IPOH, Feb 6 — With the movement control order (MCO) extended till February 18, some Malaysians are opting for a virtual celebration this Chinese New Year since their annual hometown pilgrimage is now out of the question.

Those interviewed by Malay Mail said the ban on home visits have put a damper on the festivities, forcing them to scale back their initial plans for the reunion dinner this February 11, and relying instead on video calls to family and loved ones for the rest of the long weekend public holiday.

A common wish many shared is for a stable internet connection on that day.

“Since we can’t travel to our hometown this year, we can only meet our family via video call. But for that, the internet line should be good. The connection has been poor lately in my area,” said Jane Lee, a clinical psychologist who hails from Perak but is based in Selangor.

The 24-year-old also said that she is resigned to not attending the traditional reunion dinner with her family on the eve of Chinese New Year as the Covid-19 pandemic shows no signs of letting up.

“Since this pandemic started, we have missed out on a lot of things, with Chinese New Year family dinner being just one example. We already expected this would happen,” she said.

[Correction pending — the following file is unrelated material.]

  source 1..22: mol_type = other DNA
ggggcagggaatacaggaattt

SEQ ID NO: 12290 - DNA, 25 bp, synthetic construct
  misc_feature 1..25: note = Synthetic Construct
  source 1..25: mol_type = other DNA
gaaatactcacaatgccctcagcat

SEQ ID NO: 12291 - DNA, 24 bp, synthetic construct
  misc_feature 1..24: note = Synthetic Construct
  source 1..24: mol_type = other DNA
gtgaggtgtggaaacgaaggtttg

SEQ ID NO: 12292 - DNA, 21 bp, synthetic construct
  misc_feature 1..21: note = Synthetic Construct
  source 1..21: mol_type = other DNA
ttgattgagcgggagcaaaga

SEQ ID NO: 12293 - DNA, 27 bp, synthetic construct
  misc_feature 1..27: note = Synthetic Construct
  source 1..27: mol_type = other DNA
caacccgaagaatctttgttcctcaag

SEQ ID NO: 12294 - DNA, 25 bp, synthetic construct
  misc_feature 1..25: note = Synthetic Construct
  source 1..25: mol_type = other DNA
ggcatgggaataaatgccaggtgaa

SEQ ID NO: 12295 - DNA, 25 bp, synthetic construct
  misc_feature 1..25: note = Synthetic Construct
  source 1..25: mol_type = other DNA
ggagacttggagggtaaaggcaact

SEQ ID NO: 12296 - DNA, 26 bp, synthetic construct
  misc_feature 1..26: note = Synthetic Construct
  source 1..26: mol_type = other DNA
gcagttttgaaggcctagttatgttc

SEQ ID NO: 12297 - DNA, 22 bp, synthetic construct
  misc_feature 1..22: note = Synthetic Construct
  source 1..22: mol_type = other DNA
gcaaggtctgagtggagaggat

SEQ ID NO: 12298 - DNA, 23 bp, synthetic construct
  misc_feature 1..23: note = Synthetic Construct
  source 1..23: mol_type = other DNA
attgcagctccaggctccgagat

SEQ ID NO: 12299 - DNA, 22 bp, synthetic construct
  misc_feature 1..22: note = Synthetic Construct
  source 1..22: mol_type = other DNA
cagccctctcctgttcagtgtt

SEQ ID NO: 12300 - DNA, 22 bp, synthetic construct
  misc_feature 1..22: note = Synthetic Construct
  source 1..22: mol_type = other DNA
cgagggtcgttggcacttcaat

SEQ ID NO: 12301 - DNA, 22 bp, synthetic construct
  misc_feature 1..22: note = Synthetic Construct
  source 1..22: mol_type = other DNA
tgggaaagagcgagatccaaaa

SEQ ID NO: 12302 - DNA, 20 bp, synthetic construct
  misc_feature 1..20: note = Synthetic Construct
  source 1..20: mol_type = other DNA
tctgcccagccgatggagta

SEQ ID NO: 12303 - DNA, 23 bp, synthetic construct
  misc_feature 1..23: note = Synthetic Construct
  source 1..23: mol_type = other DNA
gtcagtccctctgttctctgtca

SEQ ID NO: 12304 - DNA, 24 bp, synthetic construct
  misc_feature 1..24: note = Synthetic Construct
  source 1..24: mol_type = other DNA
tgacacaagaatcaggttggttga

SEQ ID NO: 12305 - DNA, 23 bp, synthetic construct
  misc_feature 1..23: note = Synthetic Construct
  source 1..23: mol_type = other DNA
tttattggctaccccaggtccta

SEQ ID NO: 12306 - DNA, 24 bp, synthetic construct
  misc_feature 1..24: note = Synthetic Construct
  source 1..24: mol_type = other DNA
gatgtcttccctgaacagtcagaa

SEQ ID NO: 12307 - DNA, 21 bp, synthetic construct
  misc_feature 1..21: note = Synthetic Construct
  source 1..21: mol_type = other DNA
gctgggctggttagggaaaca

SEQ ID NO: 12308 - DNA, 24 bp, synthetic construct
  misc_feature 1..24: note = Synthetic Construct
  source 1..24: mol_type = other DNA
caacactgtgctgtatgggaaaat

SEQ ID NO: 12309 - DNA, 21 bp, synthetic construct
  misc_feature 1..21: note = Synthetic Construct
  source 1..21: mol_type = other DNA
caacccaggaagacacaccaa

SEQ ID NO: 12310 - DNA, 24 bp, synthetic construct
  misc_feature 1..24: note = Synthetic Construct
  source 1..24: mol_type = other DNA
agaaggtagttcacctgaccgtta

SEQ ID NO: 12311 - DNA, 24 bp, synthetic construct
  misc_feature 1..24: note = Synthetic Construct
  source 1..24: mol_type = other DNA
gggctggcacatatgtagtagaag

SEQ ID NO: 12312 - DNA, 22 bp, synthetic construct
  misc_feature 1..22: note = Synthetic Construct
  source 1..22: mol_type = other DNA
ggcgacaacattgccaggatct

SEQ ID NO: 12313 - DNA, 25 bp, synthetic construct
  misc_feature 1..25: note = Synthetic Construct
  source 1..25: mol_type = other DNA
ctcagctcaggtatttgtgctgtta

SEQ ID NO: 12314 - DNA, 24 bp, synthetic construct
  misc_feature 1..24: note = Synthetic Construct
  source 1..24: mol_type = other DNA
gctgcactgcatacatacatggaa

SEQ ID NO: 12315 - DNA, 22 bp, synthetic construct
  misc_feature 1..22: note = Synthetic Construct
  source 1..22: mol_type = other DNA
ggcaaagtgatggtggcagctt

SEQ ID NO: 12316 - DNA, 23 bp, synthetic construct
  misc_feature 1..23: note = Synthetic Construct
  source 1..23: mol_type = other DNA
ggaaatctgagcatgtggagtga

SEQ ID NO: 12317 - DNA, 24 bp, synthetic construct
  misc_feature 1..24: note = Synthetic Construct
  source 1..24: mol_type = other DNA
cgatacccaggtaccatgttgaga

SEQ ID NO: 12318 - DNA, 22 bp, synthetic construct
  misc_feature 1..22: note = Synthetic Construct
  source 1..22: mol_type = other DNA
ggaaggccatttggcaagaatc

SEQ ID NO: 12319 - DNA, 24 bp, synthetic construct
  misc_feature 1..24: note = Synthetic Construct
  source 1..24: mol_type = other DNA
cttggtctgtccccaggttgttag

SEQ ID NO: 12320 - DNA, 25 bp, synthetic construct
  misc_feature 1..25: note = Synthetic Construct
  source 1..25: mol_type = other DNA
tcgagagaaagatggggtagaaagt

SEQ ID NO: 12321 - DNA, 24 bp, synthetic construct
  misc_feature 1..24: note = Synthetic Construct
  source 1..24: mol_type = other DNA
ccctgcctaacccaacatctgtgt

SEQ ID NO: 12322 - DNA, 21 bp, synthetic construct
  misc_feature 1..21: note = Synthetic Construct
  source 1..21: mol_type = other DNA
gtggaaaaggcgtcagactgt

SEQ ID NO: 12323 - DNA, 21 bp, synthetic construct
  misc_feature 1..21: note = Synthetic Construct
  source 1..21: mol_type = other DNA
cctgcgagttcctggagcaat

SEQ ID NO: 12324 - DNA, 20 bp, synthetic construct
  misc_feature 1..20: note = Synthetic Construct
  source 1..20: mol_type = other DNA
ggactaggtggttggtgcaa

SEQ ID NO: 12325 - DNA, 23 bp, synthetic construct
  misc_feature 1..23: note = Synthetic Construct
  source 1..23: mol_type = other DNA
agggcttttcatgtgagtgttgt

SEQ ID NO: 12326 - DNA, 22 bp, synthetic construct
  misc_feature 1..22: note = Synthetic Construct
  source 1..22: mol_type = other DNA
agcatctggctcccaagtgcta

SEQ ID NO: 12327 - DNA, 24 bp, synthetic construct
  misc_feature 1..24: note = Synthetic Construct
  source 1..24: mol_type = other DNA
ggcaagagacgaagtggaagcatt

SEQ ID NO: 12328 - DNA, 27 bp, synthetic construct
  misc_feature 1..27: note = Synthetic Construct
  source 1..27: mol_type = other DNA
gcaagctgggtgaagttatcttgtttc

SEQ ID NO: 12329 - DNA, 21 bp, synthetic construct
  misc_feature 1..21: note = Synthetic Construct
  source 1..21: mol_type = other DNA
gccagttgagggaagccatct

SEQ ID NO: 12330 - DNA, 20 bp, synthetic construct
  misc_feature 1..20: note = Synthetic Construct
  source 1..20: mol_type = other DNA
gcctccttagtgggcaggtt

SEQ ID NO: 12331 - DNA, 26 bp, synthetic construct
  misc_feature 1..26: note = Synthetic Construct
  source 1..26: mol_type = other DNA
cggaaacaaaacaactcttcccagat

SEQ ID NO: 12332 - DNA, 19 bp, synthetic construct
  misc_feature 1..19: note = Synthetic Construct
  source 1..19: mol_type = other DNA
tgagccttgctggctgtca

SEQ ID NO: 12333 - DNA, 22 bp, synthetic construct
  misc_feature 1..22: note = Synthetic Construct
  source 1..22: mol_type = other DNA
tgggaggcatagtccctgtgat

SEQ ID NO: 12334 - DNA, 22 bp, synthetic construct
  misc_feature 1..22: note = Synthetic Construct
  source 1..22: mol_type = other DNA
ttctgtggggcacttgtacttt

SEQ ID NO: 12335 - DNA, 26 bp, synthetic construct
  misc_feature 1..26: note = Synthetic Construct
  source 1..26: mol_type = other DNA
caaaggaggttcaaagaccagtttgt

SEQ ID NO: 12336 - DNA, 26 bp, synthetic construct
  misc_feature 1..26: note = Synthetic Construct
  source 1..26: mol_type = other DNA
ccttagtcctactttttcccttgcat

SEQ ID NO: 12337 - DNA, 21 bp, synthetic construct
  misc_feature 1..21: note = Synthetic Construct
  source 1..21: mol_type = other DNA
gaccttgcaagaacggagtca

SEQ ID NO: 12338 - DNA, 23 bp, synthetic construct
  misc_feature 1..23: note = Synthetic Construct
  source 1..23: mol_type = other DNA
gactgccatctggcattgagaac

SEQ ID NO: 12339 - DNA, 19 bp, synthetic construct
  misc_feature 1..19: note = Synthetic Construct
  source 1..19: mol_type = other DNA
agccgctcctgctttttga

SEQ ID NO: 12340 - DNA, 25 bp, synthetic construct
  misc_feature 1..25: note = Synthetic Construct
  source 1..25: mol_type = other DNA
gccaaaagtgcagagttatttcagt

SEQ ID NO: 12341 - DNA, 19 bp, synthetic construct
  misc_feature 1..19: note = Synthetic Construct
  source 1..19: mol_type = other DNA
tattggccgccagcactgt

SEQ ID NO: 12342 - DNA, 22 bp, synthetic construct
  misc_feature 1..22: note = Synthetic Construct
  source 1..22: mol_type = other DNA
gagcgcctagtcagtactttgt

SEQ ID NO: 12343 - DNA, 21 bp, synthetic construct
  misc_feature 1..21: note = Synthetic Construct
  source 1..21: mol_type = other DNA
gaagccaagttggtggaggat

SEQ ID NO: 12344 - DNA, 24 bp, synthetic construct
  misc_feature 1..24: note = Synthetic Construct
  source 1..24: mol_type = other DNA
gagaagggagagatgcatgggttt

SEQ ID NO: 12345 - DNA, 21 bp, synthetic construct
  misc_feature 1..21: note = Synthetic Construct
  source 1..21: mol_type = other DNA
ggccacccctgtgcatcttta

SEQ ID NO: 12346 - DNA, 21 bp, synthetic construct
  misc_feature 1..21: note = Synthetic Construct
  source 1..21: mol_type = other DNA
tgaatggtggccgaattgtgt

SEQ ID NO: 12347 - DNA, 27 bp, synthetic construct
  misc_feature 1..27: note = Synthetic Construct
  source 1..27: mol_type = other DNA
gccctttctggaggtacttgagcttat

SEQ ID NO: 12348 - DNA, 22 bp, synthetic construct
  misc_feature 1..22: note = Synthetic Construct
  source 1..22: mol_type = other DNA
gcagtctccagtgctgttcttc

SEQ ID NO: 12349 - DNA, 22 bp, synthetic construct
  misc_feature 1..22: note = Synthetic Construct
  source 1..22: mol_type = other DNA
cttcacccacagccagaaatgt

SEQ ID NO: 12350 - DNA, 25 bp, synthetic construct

Chow Lee Li, 30, another Perakian who currently works in Kuala Lumpur, said her siblings have planned a group video call with her parents on the first day of Chinese New Year.

“As we grow older, Chinese New Year has greater significance for us. It is about family coming together, despite the busy lives that we lead during the rest of the year.

“Time never stops, and parents never stop getting older. At the end of the day, we know that companionship and time are the best gifts that we, as children, can give our parents,” she said.

Chow also said that she will miss the Hakka dishes usually prepared by her mother for the occasion.

“We are very traditional, and we always eat at home. We never book a table at a restaurant. Our home on Pangkor Island is more of a village style and I will miss the generous Hakka spread.

“However, we are also planning to have a reunion dinner via video call so that we can feel like we are eating together in one place,” she added.

When asked how she is planning to distribute ang pau, Chow said she will rely on sending the money via bank transfer, as “in my village, Boost or Touch ‘n Go apps are no more popular than automated teller machines (ATM).”


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